• During this procedure, a speculum is used to widen and hold open the vagina. Your healthcare provider will make an incision through the skin of your vagina. This will show the damage in the anterior vaginal wall, particularly in the supporting fascia. The damaged fascia is then folded and sutured after it has been separated from the vaginal skin. This makes the bladder to be pulled up into a more fixed position. Healthcare providers may also remove any excess vaginal tissue that may be present. The incision is then closed with stitches and a catheter may be inserted to drain your urine. A vaginal pack or sanitary pad is placed to cover your incision and control the bleeding.

After your procedure:

You may be taken to a recovery room until you are fully awake. You may need to lie flat and still in bed for a few hours. Do not get out of bed until your healthcare provider says it is OK. Your healthcare provider will decide when you will be taken back to your regular room. The vaginal pack used to cover your stitches keeps the area clean and dry to prevent infection. A healthcare provider may remove the vaginal pack soon after your procedure to check the incision. Ask your healthcare provider for more information about ways to prevent bleeding and take care of your incision.

  • Activity: You may need to walk around the same day of surgery, or the day after. Movement will help prevent blood clots. You may also be given exercises to do in bed. Do not get out of bed on your own until your caregiver says you can. Talk to caregivers before you get up the first time. They may need to help you stand up safely. When you are able to get up on your own, sit or lie down right away if you feel weak or dizzy. Then press the call light button to let caregivers know you need help.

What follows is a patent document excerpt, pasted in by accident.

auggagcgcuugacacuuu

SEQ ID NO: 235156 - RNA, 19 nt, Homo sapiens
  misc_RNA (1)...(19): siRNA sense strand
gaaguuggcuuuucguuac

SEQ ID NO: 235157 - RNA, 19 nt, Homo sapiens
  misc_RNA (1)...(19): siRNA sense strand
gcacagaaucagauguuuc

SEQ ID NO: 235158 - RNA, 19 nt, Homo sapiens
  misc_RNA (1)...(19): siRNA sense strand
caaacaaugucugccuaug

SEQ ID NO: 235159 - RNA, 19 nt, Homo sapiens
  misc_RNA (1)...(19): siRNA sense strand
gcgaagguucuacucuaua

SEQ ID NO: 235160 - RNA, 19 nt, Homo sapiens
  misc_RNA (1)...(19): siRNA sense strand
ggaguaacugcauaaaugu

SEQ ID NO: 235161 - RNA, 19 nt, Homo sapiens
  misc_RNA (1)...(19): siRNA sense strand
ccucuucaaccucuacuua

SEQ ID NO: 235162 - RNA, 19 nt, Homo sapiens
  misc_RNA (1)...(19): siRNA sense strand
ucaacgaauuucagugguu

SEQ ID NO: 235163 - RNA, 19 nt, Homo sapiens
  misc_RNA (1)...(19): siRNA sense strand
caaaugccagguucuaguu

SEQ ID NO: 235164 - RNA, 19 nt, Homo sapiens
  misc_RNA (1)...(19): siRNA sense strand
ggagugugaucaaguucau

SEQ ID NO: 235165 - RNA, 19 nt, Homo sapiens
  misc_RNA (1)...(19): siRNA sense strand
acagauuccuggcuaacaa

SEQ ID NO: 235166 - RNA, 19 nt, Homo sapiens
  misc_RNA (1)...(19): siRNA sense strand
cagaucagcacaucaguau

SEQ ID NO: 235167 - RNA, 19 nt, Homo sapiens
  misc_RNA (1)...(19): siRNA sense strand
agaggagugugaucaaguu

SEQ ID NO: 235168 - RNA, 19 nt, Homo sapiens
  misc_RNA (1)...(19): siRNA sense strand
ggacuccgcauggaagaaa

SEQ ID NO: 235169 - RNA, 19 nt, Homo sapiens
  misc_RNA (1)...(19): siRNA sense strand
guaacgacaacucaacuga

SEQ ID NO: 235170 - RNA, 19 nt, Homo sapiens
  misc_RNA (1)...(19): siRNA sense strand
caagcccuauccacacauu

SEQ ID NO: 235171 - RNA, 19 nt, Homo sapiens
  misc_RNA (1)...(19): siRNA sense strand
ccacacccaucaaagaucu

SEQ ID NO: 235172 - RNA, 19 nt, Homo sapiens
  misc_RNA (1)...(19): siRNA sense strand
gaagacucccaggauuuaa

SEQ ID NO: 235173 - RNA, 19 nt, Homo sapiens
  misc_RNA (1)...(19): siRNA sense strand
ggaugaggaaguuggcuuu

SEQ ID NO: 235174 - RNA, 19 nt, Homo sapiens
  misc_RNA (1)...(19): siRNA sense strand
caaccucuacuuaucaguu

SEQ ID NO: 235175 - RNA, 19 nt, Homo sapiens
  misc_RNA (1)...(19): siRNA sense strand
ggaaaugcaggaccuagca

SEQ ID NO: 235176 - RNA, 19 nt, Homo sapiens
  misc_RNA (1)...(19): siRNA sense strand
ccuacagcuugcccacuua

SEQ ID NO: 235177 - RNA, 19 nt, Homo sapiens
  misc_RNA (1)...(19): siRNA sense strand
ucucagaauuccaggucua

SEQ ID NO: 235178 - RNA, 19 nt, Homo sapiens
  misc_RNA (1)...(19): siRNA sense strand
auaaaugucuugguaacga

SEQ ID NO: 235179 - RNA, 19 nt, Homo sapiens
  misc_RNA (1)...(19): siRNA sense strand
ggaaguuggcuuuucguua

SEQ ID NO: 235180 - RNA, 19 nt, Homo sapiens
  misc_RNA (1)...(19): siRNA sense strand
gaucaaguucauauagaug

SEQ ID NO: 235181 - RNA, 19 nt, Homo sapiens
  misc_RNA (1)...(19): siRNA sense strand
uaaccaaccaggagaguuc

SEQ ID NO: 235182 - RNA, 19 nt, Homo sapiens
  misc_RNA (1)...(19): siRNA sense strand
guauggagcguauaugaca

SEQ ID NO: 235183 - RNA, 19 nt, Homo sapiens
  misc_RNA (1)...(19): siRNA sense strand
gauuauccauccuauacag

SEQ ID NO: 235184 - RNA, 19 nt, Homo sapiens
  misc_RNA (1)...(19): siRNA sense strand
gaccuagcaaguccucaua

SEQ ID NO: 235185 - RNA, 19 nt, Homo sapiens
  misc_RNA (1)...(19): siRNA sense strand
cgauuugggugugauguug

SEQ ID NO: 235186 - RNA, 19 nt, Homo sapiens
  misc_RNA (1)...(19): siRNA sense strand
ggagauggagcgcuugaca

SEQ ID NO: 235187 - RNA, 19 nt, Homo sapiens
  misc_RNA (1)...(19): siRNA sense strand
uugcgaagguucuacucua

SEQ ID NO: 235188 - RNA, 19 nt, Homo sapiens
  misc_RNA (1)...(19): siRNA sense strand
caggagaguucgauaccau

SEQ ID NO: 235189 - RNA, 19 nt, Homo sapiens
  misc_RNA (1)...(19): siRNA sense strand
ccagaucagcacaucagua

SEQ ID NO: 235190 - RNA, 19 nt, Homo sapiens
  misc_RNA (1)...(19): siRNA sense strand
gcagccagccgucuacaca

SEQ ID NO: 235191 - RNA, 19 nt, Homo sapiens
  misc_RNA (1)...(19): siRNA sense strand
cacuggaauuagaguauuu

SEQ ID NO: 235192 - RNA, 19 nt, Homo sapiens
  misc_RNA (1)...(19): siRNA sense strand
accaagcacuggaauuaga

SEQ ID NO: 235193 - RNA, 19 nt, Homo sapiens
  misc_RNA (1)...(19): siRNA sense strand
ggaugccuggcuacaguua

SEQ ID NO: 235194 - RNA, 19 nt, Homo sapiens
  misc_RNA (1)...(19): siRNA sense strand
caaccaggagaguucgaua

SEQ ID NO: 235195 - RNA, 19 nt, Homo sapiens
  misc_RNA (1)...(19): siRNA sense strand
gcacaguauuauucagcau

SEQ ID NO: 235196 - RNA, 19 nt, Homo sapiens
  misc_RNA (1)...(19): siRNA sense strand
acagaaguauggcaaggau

• You will be able to drink liquids and eat certain foods once your stomach function returns after surgery. You may be given ice chips at first. Then you will get liquids such as water, broth, juice, and clear soft drinks. If your stomach does not become upset, you may then be given soft foods, such as ice cream and applesauce. Once you can eat soft foods easily, you may slowly begin to eat solid foods.
  • Medicines: You may need any of the following:
    • Antibiotics: This medicine is given to help treat or prevent an infection caused by bacteria.
    • Antinausea medicine: This medicine may be given to calm your stomach and to help prevent vomiting.
    • Pain medicine: Caregivers may give you medicine to take away or decrease your pain.
      • Do not wait until the pain is severe to ask for your medicine. Tell caregivers if your pain does not decrease. The medicine may not work as well at controlling your pain if you wait too long to take it.